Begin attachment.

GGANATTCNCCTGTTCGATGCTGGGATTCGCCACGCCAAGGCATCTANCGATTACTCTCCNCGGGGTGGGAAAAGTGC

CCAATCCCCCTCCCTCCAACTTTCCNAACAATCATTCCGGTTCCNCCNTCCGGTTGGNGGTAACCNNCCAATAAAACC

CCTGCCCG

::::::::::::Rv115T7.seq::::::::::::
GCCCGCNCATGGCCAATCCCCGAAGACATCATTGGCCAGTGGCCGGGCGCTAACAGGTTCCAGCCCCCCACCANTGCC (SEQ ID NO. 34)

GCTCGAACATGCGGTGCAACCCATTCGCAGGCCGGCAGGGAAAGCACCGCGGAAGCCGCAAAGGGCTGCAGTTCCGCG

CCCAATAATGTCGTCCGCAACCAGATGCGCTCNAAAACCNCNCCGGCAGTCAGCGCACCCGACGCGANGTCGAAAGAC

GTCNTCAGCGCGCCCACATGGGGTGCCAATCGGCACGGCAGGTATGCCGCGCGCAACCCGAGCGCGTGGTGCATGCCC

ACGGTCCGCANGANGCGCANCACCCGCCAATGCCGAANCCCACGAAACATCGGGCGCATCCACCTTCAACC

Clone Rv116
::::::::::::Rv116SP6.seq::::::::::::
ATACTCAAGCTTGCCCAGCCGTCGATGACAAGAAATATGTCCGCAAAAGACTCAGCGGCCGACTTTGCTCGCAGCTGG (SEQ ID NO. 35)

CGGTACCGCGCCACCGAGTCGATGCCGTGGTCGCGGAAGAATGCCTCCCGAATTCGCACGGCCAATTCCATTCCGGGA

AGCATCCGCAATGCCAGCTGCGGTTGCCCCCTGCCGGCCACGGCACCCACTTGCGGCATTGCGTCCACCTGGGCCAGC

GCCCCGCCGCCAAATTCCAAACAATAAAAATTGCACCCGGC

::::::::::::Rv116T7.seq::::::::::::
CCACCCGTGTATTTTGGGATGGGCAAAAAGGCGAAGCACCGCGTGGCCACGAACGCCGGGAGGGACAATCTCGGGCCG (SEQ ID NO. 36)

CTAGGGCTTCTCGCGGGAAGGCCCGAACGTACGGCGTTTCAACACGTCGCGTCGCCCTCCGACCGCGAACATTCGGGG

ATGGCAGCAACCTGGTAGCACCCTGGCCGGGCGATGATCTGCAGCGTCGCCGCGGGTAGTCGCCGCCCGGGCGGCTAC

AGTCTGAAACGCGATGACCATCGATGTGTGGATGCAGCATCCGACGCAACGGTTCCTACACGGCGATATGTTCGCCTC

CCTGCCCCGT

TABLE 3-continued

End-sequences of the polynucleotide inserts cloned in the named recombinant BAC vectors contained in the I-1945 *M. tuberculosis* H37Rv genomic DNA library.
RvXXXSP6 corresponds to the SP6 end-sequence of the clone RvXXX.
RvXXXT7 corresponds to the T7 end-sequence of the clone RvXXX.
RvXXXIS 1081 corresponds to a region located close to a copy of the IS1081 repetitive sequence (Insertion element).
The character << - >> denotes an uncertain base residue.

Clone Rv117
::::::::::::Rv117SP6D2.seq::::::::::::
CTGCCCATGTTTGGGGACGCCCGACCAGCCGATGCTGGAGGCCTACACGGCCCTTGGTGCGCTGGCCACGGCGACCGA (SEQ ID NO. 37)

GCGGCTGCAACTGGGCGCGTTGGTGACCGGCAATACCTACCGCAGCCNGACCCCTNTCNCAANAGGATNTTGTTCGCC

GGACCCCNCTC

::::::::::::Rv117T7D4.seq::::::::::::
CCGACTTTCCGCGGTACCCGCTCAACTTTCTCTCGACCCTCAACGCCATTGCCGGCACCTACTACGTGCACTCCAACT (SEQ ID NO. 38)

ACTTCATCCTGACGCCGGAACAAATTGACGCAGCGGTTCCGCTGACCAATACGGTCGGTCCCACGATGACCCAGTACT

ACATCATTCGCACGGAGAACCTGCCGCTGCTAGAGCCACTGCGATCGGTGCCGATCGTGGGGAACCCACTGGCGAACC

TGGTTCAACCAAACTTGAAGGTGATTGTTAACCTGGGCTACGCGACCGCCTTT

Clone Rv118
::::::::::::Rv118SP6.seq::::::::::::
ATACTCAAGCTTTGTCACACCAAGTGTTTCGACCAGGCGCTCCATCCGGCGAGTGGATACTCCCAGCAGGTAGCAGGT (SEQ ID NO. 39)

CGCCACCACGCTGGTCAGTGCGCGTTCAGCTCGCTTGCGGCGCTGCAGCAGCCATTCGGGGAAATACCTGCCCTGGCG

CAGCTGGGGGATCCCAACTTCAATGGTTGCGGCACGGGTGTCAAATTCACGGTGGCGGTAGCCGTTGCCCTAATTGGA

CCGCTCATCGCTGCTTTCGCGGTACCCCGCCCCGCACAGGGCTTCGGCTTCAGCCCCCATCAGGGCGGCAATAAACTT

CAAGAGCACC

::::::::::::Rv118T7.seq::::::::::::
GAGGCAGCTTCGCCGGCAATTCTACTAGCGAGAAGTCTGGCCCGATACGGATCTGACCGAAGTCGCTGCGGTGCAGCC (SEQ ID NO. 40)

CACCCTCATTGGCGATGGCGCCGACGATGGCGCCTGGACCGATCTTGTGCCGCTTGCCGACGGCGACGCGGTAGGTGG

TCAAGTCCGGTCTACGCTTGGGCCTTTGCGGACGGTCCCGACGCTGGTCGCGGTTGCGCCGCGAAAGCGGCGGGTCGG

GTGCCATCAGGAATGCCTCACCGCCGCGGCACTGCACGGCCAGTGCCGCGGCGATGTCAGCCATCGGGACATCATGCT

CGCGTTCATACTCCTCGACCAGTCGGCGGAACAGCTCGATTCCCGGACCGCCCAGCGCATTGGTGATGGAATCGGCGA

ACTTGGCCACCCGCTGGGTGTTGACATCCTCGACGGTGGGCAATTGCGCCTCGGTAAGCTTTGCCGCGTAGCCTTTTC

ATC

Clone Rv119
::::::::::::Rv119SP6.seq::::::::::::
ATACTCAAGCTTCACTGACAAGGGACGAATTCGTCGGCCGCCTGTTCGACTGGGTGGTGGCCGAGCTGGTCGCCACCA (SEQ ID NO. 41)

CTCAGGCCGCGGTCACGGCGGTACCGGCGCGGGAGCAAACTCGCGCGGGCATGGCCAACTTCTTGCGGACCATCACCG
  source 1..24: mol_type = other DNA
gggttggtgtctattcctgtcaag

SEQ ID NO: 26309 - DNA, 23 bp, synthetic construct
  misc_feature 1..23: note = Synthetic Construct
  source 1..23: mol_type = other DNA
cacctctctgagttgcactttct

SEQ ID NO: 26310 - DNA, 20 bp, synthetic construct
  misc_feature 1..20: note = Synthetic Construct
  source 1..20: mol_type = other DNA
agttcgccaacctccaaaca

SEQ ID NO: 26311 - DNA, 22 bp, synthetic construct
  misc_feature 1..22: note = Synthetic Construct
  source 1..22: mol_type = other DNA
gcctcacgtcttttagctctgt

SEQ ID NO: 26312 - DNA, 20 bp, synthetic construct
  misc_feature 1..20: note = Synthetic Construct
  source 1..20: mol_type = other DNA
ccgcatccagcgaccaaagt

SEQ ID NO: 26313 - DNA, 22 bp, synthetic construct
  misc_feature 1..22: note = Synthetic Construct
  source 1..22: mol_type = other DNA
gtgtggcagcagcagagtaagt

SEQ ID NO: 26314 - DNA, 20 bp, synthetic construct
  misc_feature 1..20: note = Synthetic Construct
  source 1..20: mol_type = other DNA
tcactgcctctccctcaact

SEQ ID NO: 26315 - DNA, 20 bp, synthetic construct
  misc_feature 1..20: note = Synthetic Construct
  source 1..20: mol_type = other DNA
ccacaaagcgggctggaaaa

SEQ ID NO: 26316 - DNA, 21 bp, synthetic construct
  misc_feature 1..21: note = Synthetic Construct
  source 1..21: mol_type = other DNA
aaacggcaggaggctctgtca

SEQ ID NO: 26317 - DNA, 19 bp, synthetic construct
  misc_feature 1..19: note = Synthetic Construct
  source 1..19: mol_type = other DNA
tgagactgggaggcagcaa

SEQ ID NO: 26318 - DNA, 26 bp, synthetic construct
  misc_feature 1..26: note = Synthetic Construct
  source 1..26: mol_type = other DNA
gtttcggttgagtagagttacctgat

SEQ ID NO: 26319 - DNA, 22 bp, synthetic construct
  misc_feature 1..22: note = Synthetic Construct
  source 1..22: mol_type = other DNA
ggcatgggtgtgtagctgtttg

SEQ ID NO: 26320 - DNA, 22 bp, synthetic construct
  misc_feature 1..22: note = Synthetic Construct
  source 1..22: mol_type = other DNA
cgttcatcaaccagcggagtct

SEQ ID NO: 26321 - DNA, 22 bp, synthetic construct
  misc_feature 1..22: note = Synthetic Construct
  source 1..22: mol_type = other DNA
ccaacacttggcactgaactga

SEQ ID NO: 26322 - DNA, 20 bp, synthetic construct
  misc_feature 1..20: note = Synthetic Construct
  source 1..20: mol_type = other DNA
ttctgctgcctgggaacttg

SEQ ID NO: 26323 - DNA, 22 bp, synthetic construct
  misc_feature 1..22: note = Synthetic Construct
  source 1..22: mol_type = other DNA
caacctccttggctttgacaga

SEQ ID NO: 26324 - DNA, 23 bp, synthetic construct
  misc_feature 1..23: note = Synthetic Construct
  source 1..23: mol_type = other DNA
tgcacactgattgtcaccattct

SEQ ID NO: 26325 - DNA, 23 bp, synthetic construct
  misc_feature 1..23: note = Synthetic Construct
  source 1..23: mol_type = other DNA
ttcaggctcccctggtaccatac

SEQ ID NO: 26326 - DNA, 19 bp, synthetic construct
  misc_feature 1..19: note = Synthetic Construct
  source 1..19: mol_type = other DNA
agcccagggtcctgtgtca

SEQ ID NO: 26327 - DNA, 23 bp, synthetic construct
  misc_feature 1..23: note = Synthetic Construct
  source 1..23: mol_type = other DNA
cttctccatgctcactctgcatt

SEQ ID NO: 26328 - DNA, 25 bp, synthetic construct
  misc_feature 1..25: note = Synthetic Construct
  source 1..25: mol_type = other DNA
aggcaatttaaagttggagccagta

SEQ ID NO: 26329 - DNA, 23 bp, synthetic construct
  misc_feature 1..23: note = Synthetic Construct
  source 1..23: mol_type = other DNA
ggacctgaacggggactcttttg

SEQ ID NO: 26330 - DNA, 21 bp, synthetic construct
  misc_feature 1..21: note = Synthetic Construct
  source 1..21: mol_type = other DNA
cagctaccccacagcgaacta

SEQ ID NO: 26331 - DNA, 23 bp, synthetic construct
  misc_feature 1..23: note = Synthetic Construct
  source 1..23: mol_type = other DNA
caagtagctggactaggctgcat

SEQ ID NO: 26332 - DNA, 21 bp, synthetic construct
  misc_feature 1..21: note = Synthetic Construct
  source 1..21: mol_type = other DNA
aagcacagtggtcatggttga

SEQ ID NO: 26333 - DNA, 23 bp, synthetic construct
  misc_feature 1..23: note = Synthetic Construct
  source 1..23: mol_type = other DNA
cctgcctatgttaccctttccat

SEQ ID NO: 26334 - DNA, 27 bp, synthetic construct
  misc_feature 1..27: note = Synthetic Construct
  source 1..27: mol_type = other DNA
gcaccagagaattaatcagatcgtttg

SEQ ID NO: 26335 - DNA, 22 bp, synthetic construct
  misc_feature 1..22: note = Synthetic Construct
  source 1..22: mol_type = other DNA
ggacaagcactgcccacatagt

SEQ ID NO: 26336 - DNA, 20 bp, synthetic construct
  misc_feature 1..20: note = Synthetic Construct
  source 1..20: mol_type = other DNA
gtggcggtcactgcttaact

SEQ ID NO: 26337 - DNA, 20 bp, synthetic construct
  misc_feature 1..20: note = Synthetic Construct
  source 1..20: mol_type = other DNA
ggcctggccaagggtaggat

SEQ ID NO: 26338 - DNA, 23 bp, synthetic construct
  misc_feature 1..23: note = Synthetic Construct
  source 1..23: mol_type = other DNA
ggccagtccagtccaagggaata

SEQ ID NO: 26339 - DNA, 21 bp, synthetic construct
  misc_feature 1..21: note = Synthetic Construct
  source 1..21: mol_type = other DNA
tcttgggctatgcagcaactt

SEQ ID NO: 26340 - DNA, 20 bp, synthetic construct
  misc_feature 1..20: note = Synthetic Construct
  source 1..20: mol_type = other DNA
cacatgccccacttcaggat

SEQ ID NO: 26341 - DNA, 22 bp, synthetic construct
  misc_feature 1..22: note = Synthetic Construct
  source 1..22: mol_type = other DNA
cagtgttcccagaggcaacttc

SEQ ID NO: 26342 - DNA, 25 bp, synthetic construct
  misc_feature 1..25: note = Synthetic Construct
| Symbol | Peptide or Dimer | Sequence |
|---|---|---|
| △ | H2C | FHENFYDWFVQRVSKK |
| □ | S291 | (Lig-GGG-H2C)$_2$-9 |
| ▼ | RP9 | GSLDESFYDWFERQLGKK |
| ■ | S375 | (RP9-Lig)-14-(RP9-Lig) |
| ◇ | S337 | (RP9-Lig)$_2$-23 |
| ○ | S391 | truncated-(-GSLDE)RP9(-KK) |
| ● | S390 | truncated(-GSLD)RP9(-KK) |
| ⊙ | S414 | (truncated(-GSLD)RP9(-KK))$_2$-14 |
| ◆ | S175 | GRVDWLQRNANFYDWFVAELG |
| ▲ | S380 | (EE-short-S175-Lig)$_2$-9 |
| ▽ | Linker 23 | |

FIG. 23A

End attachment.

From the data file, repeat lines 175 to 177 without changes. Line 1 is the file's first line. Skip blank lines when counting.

SEQ ID NO: 26338 - DNA, 23 bp, synthetic construct
  misc_feature 1..23: note = Synthetic Construct
  source 1..23: mol_type = other DNA